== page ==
Finally, some argue that the decline in spending was due to increased use of generic drugs on the part of Medicare consumers. In fact, most of the increase in Part D spending is the result of the use of new medicines for cancer, MS, diabetes and other drugs for the most expensive conditions Medicare patients deal with. This is in line with studies conducted by Frank Lichtenberg and others showing that each dollar spent on new medicines reduces what would be spent on hospitals, doctors, etc. by $6.
Looking at the price of a new medicine or what we spend on biopharmaceuticals in isolation is misleading. Use of innovative medicines should be looked at in terms of the impact it has on other medical spending and the lives of patients.
Source: World Health Organization National Health Account database (see http://apps.who.int/nha/database/DataExplorerRegime.aspx for the most recent updates).
According to a story in the Austin Statesman, Federal law doesn’t deliver HIV care as promised.” The ACA, per the story, “brought a lot of hope … but the law didn’t live up to expectations” because … “the plans on the federally created health insurance exchange, the Internet-based marketplace where consumers can compare and buy health plans, didn’t offer affordable ways to buy the life-saving medications” or allow patients to see “physician with expertise in HIV and AIDS.
Carl Schmid, the deputy executive director at the David Powell Clinic AIDS Institute, blamed insurance companies that offer plans that he said discriminate against HIV and AIDS patients and require huge out-of-pocket payments for their expensive medications.
“They are designing their benefits in such a way to dissuade people with HIV and other conditions from choosing their plans,” he said, “and that’s against the law.” Schmid’s national public policy group filed a complaint with the Office of Civil Rights in the U.S. Department of Health and Human Services. The case is pending.
David Wright, one of the first physicians in Central Texas to treat AIDS patients, said, “For a lot of patients, it actually created more barriers. It’s kind of overwhelming.”
Peter Pitts, a former U.S. Food and Drug Administration official and current president of the Center for Medicine in the Public Interest, echoed Wright’s assessment. He said before the law’s rollout, the standard talking point of proponents was that people shouldn’t have to choose between food or medicine.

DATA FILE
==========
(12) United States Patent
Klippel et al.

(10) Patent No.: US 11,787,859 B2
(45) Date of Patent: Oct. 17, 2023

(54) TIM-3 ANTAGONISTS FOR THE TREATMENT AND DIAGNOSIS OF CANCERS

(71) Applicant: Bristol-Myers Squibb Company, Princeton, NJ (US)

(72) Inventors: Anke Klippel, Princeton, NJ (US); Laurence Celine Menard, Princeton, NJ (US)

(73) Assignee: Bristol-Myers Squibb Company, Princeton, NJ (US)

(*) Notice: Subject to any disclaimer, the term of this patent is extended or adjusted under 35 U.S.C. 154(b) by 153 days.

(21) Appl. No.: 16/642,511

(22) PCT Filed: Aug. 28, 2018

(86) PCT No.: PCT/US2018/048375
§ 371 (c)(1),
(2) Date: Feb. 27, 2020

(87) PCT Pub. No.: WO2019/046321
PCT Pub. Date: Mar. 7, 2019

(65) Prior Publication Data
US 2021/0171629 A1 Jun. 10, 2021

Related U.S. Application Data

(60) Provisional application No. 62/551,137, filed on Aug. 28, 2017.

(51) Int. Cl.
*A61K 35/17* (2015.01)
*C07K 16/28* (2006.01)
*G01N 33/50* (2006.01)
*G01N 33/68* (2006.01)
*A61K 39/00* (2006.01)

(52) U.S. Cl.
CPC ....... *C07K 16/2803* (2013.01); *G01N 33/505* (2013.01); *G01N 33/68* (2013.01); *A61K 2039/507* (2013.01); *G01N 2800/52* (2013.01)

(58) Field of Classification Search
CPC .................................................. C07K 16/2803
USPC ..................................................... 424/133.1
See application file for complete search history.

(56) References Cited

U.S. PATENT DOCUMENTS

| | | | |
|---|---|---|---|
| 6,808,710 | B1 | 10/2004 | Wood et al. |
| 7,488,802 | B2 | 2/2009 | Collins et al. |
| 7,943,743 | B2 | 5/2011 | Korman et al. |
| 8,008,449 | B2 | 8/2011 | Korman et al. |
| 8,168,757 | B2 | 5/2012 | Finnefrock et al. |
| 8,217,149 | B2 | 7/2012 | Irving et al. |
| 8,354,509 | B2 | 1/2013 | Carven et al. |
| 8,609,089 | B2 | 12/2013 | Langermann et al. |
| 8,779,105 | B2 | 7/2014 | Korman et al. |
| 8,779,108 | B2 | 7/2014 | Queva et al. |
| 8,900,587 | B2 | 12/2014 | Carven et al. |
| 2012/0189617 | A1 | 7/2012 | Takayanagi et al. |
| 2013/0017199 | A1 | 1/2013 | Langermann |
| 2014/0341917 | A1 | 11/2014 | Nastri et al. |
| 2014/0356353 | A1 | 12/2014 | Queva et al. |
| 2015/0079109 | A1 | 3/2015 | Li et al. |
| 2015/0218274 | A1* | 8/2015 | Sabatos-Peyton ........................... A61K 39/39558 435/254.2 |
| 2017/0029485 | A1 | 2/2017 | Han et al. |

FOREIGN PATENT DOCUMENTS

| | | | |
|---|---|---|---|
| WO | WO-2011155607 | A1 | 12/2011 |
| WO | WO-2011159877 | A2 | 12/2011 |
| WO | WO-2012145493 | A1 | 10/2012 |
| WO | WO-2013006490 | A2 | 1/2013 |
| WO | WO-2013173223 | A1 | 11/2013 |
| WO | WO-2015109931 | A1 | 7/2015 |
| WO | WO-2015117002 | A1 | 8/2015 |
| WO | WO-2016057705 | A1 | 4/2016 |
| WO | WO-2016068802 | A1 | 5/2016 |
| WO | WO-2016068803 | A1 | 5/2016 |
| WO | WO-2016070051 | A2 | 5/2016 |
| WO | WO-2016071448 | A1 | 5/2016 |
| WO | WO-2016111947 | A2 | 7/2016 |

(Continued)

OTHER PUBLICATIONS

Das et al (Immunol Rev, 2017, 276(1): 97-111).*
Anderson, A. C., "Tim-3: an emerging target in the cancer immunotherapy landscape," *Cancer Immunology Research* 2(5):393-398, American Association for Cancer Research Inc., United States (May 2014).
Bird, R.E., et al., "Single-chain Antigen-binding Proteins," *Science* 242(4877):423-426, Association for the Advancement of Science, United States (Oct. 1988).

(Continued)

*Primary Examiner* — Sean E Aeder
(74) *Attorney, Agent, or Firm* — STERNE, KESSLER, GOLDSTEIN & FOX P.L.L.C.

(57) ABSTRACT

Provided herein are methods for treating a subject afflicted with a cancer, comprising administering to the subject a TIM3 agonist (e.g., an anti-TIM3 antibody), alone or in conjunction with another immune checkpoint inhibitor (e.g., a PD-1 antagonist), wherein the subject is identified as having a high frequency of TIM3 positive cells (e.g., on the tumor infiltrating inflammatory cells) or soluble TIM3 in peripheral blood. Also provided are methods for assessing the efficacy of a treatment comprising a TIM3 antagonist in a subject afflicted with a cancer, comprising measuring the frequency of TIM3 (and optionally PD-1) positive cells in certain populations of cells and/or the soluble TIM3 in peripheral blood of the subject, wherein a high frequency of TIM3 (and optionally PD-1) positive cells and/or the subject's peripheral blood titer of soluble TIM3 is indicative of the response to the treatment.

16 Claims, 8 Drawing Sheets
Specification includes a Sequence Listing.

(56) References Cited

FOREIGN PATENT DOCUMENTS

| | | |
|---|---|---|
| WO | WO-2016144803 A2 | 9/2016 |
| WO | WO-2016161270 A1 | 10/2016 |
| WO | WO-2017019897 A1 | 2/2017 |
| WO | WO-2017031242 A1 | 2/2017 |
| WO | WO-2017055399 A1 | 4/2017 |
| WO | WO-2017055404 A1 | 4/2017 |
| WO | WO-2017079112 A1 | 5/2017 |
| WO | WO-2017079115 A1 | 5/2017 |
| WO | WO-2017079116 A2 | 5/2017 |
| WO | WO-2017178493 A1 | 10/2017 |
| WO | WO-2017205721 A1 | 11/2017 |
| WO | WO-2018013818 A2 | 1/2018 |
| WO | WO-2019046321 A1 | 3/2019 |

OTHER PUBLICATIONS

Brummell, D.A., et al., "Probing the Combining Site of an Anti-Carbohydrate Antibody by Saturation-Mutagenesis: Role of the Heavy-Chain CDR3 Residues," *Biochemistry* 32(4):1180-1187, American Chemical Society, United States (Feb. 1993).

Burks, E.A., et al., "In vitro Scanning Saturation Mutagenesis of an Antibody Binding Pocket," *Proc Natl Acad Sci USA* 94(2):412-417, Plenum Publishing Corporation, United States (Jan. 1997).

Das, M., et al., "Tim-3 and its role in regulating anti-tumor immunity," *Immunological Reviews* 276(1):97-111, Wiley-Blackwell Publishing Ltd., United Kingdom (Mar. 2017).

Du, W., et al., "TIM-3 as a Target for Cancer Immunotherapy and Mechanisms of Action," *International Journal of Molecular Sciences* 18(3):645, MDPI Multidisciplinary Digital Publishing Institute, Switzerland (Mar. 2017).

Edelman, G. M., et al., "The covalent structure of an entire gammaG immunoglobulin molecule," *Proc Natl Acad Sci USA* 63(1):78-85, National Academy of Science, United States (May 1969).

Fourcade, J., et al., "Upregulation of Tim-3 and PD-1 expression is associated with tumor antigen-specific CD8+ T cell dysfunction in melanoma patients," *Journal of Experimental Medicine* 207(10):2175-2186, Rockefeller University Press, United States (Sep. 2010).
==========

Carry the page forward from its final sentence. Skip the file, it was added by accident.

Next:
“Unfortunately not only did the ACA not solve that problem, it made it worse,” Pitts said. “That’s shameful.”
The complete story can be found here.
One of the often-overlooked benefits of biosimilars is that it will drive innovation in manufacturing. Competition is the mother of invention.
Or, in the case of Amgen, reinvention. They’ve just launched a biologics manufacturing facility in Singapore that required one-quarter of the capital investment of a conventional operation, will operate one-third cheaper and took half the time to build.
(The plant will manufacture Prolia and Xgeva at a site that at 120,000 square feet is 80% smaller than a comparable conventional facility.)
When the company announced deep job and cost cuts in July, including at manufacturing facilities in Colorado and Washington, Amgen CEO Robert Bradway said that the company would be "exiting 20-year-old manufacturing technologies and continuing to invest in what we think are state-of-the-art, cutting-edge technologies that will enable us to rationalize and, we think, make product more reliably and more cost effectively.”
And, while there are yet many regulatory hurdles to leap, this is an excellent example of an innovator working to stay competitive in the age of biosimilars.
According to a report in Fierce Pharma, other drug makers, like GlaxoSmithKline are building plants utilizing the technology and Singapore appears to be the place to build them. GSK is working on a $50 million continuous manufacturing plant in Singapore that CEO Andrew Witty said will be 100 square meters instead of the usual 900 and so result in a "massive reduction in capital deployment" reducing costs by about 50%
As Eli Lilly & Co. CEO John Leichleiter said, "Creating and maintaining the conditions for innovation to flourish is challenging and complicated work - work that is never finished.”
But, the big question remains – will better and less costly manufacturing technologies (assuming they are approved by leading global regulators) lead to lower costs? More specifically, will it make off-patent biologics more price competitive with their biosimilar cousins?